Government agency’s mantra off thewall
I saw the most startling phrase on the wall of a Government agency.
Apologies to those who have a low tolerance for cuss words, but I have to tell you what it is, or this column will make no sense at all.
The phrase was: ‘‘Bitch, it ain’t on the list’’. I kid you not. What’s more, when I asked the head of the agency about it, she said she was thinking getting T-shirts printed sporting the phrase.
The agency was the Commission for Financial Capability (CFC). Its head is retirement commissioner Diane Maxwell.
Hers is the agency tasked with making us all smarter with money.
It runs Sorted, the country’s most useful personal finance
website, chock-full of mortgage, saving, KiwiSaver and get-out-ofdebt calculators.
It’s also involved in providing money education in workplaces and schools, and trying to get politicians to put in place sensible retirement income policies.
The phrase isn’t up in bold as some kind of gratuitous modern humour. It’s up there as the voice of an ordinary New Zealander.
It is a reminder that the CFC needs to speak a language ordinary New Zealanders understand.
Too often the language of government and money people is a jargon-filled patois only distantly related to everyday English.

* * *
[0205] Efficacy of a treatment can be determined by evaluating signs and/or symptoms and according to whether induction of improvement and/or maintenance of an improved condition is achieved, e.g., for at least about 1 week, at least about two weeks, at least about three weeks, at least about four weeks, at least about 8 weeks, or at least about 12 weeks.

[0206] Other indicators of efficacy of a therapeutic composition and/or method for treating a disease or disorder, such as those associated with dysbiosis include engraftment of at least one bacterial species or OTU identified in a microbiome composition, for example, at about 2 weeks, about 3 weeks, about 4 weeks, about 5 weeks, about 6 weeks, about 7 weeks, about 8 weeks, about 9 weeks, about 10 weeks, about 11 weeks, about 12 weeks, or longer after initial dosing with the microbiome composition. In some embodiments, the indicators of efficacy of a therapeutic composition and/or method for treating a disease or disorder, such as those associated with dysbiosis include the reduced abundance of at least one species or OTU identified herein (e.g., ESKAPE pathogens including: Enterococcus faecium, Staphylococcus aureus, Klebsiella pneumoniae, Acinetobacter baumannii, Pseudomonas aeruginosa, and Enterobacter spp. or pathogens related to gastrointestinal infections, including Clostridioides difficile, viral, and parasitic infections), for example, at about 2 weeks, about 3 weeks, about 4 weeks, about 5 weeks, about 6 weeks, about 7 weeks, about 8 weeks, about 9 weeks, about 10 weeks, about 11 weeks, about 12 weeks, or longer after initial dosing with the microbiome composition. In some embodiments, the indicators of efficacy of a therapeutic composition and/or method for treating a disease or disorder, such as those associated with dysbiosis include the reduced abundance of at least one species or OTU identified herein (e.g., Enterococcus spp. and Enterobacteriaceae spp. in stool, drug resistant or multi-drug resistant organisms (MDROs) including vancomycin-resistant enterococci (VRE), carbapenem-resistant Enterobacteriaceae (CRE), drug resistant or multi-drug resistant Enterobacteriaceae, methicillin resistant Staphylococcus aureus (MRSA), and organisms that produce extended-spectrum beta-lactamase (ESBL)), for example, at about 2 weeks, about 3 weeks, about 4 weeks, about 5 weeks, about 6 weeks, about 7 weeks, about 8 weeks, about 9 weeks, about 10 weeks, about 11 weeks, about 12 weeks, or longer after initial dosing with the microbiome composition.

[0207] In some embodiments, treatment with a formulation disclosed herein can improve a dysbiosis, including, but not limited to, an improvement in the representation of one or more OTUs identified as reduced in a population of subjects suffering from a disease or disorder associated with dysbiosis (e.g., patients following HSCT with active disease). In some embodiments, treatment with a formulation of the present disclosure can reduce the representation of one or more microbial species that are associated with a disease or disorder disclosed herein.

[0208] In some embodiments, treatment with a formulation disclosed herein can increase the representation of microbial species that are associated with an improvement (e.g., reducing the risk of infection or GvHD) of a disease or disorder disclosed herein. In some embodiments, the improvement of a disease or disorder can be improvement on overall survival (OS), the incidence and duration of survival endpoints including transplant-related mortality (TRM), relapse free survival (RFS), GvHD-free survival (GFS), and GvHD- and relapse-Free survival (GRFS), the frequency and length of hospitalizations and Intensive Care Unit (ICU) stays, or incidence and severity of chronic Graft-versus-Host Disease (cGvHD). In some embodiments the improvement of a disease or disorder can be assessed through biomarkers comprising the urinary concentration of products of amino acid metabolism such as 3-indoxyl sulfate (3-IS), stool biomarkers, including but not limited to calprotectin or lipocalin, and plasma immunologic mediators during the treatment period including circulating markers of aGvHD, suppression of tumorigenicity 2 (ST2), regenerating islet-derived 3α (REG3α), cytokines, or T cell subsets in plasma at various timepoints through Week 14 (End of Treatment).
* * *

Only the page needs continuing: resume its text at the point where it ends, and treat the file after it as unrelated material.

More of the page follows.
Maxwell told me how the phrase came to be on the agency’s wall. It was the catch-cry of two women who did their shopping together. It was spoken when one discovered the other had sneaked something into her trolley that wasn’t on her shopping list, hence the ‘‘Bitch, it ain’t on the list’’.
It was their way of encouraging each other to stick to their tight shopping budgets.
We all know the wisdom of shopping to a list we have planned. It helps resist temptation in the supermarket where there are so many good things that are bad for our waists and our wealth. Meal-planning for those on tight budgets is essential, if there is ever going to be any money left over to save.
The phrase on the wall stands for all those people and families doing it hard but not pitying themselves, facing up to living within their means with good humour.
It stands for the ‘‘Little and often’’ message Maxwell repeats. Doing little things often is the key to changing money lives.
Save $10 a week, and one day there’s $500 in the account.
Join KiwiSaver, and one day there’s $50,000 there.
Put an extra $20 a week into the mortgage, and with thousands off the interest cost.
The CFC under Maxwell has changed a lot. It used to feel a bit like it was run by and for middleincome New Zealand.
It was awfully polite, very worthy, and its staff were not at all funny. They may not always have got out of the office to talk to people who start sentences with cuss words.
I’d be poorer for not having heard the phrase, though I think my wife might object if I tried to bring it into everyday usage at home.
I think many households have money mantras and phrases. What are yours? I’d love to hear them.
Doing little things often is the key to changing money lives. Save $10 a week, and one day there’s $500 in the account.
Shopping to a list helps avoid impulse purchases.